Birmendreïs, French Algeria
|Relevant Work||Ideology and Ideological State Apparatuses|
(NATC, 2nd ed.)
- Louis Althusser was born in French-held Algeria and was educated in Marseilles and Lyons before being drafted into the military in 1939.
- After the war ended, he returned to school at Ecole Normale Superiere, where he completed a master's thesis in 1948. Afterwards, he became a faculty member and began doctoral work.
- In the mid-1960's he became a "Marxist in philosophy," at which point he "burst into the intellectual world...with a series of important texts"
- Although he makes important contributions listed below, he was also mentally ill from his experience in WWII, and in a manic fit of rage, he murdered his wife in 1980. He was considered mentally incompetent and lived under house arrest with psychiatric care until he died in 1990.
from Ideology and Ideological State Apparatuses Edit
Background and Historical Context Edit
Althusser analyzes how "dominant social systems and institutions subtly mold human subjects through ideology, in turn reproducing the system" (pg. 1332). He created methods of structuralism, developed by Clause Levi Strauss, and pyschoanalysis, notably of Jacques Lacan, so that it could be explained how humans consent to societies in which most people are oppressed. He also explains how Capitalism perpetuates itself through the "ideological state apparatuses". For the French and British intellectuals, Althusser changed the face of Western Marxist theory into one that uses Marxism in an effort to recover an alienated humanity. He critiques humanism for its inability to look at both humanism alongside structuralism, and is more of an "antihumanist" because of his emphasis on how societal structures determine lived experience. His critique helped to shape and continues to shape postmodern and post-structuralist theory. Althusser believed that it was a philosophers job to represent the class struggle in theory by taking the side of the oppressed and their ongoing ideological struggle with the ruling class. He wanted to address "how a society achieves stability over time by reproducing its dominant relations of production and what conditions make social revolution possible. 'Ideology and Ideological State Apparatuses' stems from this larger project, which was never completed" (pg. 1333).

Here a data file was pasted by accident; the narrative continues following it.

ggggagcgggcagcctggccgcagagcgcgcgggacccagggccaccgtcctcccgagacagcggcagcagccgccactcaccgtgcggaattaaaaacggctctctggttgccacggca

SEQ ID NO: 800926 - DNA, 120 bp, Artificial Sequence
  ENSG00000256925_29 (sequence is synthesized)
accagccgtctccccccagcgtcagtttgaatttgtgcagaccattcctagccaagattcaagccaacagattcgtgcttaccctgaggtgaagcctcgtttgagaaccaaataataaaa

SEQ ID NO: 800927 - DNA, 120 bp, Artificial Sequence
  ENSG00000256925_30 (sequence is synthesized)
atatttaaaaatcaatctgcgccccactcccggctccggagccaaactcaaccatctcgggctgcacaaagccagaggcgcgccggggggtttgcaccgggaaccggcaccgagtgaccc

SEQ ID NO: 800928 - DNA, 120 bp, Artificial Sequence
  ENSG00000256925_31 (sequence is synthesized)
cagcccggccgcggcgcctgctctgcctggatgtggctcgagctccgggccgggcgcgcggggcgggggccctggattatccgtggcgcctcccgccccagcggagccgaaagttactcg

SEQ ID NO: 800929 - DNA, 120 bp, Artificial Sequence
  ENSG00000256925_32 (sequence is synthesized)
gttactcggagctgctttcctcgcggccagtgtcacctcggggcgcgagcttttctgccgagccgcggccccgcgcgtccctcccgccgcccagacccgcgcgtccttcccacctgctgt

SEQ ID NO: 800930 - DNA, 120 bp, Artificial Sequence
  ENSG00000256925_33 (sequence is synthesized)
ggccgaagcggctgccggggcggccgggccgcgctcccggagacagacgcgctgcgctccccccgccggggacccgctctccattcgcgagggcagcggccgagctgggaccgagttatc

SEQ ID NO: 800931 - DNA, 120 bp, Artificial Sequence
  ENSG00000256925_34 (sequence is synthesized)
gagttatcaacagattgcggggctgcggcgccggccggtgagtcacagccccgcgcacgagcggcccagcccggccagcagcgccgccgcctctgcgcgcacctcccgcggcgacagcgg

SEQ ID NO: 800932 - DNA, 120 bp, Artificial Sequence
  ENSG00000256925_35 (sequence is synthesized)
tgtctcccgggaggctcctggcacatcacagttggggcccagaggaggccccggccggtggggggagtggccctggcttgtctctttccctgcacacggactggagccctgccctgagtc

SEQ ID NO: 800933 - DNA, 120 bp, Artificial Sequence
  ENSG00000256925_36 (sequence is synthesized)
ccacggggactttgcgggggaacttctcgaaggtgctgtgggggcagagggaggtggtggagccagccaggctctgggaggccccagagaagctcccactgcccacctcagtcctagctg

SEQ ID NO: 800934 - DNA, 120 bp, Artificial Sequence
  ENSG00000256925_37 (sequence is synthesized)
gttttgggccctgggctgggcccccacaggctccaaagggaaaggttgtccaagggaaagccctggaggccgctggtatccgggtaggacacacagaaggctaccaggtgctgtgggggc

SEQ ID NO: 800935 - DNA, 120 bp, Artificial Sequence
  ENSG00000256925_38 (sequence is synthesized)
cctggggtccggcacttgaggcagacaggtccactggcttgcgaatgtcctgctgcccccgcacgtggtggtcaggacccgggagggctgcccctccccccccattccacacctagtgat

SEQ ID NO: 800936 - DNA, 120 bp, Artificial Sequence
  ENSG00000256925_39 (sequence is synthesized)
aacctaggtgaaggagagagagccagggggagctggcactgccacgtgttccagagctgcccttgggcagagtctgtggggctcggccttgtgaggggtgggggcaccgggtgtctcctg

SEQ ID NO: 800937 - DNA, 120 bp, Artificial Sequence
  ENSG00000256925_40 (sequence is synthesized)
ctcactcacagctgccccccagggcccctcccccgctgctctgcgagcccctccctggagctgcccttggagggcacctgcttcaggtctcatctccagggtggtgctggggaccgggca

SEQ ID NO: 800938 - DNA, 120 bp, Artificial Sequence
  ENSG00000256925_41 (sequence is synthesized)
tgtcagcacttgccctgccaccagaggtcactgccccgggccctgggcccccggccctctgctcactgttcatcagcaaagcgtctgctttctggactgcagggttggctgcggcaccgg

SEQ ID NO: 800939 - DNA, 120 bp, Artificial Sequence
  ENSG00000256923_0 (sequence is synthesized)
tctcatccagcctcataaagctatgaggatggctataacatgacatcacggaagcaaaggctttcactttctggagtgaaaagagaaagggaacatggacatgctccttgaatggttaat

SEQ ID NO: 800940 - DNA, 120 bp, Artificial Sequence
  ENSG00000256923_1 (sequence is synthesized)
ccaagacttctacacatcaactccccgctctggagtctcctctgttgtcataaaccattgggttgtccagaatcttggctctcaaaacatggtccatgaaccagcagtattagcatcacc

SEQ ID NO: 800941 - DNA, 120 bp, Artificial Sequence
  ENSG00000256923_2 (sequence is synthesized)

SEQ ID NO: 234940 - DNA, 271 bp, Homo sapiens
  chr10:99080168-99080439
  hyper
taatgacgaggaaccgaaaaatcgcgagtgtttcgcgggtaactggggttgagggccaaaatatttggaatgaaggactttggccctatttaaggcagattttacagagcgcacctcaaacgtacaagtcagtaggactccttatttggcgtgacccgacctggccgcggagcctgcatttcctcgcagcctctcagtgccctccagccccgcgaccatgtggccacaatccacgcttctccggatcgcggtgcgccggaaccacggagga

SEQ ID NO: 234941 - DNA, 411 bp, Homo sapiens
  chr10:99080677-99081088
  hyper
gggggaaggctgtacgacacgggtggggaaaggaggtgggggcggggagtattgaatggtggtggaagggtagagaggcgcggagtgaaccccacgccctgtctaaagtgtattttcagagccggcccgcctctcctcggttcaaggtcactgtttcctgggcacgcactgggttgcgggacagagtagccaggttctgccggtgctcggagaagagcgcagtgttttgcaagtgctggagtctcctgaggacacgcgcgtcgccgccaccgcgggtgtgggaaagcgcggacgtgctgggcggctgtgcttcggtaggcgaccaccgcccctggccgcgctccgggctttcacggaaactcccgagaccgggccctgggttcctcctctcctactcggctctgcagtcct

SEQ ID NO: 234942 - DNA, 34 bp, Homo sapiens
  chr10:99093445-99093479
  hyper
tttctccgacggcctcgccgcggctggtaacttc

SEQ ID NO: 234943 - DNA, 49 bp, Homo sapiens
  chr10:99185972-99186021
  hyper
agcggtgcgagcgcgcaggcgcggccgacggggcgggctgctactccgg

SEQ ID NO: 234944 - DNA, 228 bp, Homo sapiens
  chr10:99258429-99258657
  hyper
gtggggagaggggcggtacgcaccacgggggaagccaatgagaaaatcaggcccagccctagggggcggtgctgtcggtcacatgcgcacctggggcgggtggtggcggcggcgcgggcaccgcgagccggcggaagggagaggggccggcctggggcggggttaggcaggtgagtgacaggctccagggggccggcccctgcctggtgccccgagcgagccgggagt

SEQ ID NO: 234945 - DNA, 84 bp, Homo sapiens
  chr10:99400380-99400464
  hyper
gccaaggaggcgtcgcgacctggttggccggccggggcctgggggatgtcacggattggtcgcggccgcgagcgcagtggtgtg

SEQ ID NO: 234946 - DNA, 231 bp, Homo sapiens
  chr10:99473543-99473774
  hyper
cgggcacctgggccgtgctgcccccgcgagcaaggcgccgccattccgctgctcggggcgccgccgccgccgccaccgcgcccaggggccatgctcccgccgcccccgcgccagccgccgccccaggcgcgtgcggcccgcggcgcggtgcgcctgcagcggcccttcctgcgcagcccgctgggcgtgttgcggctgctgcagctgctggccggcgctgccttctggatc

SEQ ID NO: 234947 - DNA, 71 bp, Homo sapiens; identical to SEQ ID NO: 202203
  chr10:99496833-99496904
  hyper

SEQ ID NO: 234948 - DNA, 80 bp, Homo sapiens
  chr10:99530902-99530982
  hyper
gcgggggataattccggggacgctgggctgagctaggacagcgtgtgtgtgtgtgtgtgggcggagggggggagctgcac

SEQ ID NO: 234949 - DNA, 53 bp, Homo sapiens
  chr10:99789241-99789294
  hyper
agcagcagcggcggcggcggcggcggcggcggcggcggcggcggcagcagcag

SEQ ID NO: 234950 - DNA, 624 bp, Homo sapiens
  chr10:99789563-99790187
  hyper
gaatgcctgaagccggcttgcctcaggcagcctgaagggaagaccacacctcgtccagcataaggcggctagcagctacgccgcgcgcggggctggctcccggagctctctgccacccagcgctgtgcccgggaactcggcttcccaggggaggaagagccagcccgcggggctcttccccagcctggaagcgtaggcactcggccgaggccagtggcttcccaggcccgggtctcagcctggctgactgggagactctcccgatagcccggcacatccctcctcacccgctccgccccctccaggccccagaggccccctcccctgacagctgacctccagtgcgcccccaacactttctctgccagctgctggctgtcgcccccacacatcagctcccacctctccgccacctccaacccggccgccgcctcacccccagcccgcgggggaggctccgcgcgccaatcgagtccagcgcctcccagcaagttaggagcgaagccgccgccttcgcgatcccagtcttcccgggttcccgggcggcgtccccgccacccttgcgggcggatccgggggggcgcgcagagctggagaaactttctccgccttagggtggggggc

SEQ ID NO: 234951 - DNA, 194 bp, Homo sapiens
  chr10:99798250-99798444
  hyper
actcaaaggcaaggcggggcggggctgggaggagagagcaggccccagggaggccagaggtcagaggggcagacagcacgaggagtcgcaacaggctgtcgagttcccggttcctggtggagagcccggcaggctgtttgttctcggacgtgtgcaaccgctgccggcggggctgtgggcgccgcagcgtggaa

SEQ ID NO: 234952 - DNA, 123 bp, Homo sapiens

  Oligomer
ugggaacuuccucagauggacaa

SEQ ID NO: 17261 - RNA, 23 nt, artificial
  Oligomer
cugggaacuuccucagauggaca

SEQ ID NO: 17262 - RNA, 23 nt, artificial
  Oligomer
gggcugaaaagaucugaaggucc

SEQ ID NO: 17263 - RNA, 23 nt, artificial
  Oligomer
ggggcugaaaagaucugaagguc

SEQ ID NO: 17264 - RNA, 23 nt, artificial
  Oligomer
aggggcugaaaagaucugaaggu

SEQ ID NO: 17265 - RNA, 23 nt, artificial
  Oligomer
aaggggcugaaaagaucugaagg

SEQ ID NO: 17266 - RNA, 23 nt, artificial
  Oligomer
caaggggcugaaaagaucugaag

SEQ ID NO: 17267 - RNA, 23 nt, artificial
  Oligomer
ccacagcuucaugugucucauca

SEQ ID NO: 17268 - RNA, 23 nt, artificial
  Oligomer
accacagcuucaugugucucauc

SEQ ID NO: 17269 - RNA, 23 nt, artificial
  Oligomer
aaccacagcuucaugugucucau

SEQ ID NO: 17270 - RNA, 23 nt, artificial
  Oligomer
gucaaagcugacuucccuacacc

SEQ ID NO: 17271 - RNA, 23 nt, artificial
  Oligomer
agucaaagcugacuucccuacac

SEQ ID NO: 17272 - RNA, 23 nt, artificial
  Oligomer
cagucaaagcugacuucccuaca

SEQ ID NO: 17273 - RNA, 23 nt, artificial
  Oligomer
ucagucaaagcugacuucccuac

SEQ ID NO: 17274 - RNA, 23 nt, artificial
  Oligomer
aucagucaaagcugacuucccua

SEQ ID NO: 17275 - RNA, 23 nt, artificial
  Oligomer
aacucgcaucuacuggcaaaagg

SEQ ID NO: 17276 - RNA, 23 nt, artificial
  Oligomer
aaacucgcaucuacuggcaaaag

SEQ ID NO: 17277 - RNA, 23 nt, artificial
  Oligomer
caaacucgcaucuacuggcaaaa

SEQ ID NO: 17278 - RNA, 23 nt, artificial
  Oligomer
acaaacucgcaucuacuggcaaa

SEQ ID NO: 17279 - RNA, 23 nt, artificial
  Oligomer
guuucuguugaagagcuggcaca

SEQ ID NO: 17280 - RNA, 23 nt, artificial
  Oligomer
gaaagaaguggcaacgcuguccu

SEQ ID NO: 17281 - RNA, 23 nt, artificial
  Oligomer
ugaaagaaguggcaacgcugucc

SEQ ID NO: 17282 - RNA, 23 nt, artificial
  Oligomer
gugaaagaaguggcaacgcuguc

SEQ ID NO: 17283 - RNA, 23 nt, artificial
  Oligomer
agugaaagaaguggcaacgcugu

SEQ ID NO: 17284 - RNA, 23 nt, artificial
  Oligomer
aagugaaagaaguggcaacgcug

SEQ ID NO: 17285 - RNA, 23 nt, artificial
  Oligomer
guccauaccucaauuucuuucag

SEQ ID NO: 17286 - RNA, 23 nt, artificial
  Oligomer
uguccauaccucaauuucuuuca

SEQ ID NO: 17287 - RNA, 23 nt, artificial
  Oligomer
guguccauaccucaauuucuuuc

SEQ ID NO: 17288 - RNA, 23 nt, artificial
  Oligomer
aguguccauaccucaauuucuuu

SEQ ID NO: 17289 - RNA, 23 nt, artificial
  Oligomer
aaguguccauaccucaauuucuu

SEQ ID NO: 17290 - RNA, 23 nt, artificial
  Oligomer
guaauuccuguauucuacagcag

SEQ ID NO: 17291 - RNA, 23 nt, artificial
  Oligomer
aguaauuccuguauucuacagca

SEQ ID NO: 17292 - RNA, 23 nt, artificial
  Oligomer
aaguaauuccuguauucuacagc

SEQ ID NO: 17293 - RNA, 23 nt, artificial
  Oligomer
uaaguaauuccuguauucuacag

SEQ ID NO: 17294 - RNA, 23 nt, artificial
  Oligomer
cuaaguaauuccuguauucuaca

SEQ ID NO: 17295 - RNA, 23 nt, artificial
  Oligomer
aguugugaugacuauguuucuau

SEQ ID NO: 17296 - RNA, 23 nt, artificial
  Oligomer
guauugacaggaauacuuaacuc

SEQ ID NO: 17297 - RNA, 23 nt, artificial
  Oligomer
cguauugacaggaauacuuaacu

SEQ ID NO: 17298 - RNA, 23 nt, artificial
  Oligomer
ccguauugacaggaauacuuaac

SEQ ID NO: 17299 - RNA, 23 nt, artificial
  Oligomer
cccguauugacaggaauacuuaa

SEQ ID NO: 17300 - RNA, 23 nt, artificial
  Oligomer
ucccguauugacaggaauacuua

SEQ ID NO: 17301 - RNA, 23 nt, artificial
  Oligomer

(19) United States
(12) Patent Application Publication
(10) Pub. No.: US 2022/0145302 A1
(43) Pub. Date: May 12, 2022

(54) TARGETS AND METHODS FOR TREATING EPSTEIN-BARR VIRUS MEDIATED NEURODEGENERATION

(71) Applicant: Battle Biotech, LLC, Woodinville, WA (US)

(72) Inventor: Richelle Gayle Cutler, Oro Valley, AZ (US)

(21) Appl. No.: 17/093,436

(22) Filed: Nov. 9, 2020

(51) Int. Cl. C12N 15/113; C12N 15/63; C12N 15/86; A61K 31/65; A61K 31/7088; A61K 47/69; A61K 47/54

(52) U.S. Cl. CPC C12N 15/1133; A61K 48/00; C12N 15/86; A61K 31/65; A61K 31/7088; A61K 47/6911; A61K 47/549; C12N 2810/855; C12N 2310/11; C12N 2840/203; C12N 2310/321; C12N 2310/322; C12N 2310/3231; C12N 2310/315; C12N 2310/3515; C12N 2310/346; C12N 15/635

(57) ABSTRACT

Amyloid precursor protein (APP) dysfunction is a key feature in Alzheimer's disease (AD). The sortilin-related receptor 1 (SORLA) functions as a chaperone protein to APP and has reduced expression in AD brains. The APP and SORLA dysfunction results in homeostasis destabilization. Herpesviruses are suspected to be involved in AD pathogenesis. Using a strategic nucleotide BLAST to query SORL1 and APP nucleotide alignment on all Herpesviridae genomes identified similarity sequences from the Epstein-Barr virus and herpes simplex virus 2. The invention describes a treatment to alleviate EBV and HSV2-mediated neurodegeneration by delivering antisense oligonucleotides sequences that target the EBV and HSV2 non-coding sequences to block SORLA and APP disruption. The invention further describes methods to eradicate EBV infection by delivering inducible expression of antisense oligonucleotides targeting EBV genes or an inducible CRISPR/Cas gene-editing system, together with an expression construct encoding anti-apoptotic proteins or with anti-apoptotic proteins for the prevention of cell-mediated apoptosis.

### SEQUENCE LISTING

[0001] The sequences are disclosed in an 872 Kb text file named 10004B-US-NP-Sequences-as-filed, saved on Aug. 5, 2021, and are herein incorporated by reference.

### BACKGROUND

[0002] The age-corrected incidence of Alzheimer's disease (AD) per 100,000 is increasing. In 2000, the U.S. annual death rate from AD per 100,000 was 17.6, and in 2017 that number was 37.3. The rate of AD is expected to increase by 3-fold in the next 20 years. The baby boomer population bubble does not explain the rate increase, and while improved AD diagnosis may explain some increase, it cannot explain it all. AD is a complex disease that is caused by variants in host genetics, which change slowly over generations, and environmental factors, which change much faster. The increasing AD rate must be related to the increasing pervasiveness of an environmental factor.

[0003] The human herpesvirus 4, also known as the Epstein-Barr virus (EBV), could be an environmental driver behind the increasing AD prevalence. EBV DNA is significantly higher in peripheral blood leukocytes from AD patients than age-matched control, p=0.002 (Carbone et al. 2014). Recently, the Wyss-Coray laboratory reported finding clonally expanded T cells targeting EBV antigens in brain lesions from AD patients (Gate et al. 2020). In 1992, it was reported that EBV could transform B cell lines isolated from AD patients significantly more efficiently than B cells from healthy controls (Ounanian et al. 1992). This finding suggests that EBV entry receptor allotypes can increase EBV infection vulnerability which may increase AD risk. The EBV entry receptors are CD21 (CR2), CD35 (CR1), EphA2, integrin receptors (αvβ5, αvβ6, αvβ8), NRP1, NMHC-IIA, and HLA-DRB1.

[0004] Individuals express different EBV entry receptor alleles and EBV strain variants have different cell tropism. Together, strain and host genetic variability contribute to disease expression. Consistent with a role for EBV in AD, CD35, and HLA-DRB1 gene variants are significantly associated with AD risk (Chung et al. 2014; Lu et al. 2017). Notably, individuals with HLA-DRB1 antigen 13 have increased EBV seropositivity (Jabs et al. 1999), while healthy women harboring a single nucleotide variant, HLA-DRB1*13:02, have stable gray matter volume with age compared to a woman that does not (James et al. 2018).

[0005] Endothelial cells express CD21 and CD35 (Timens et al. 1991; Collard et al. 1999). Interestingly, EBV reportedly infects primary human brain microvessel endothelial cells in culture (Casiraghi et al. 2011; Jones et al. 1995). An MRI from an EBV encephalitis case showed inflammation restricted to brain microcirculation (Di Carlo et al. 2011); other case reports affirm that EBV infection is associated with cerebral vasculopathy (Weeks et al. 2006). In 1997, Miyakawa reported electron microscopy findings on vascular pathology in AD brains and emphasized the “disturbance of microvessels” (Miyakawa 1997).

Key Words and Terms Edit
Apparatus: a complex structure within an organization or system.
Ideological State Apparatuses (ISAs): Work in the private sphere and function with power that is earned through consent. These apparatuses include: churches, the family, courts, political parties, unions, the media, sports, the arts, and, most dominantly, schools.
Repressive State Apparatuses (RSAs): Work in the public sphere and function with power that is taken through coercion. These apparatuses include: the police, the military, the prison system, and the government.
Interpellation: noun 1. A procedure in some legislative bodies of asking a government official to explain an act or policy, sometimes leading, in parliamentary government, to a vote of confidence or a change of government.
Infrastructure: economic base (unity of productive forces and the relations of production).
Superstructure: the politico-legal (law and the State) and ideology (the difference ideologies, religious ethical, legal, political, ect.).
Educational Ideological Apparatus: Althusser believes that "the ideological State apparatus which has been installed in the dominant position in mature capitalist social formations as a result of a violent poliical and ideological class struggle against the old dominant ideological State appartus, is the educational ideological apparatus" (1346).
Ideology: the imaginary relationships of individuals to their real conditions of existence.
Key Quotations Edit
"...the process of production sets to work the existing productive forces in and under definite relations of production" (1336).
It follows that, in order to exist, every social formation must reproduce the conditions of its production at the same time as it produces, and in order to be able to produce. It must therefore reproduce: 1.) the productive forces, 2.) the existing relations of production" (1336).
"How is the reproduction of labour power ensured? It is ensured by giving labour power the material means with which to reproduce itself: by wages" (1336).
"I shall say that the reproduction of labour power requires not only a reproduction of its skills, but also, at the same time, a reproduction of its submission to the rules of the established order" (1337).
"It is in the forms and under the forms of ideological subjection that provision is made for the reproduction of the skills of labor power." (1337-38)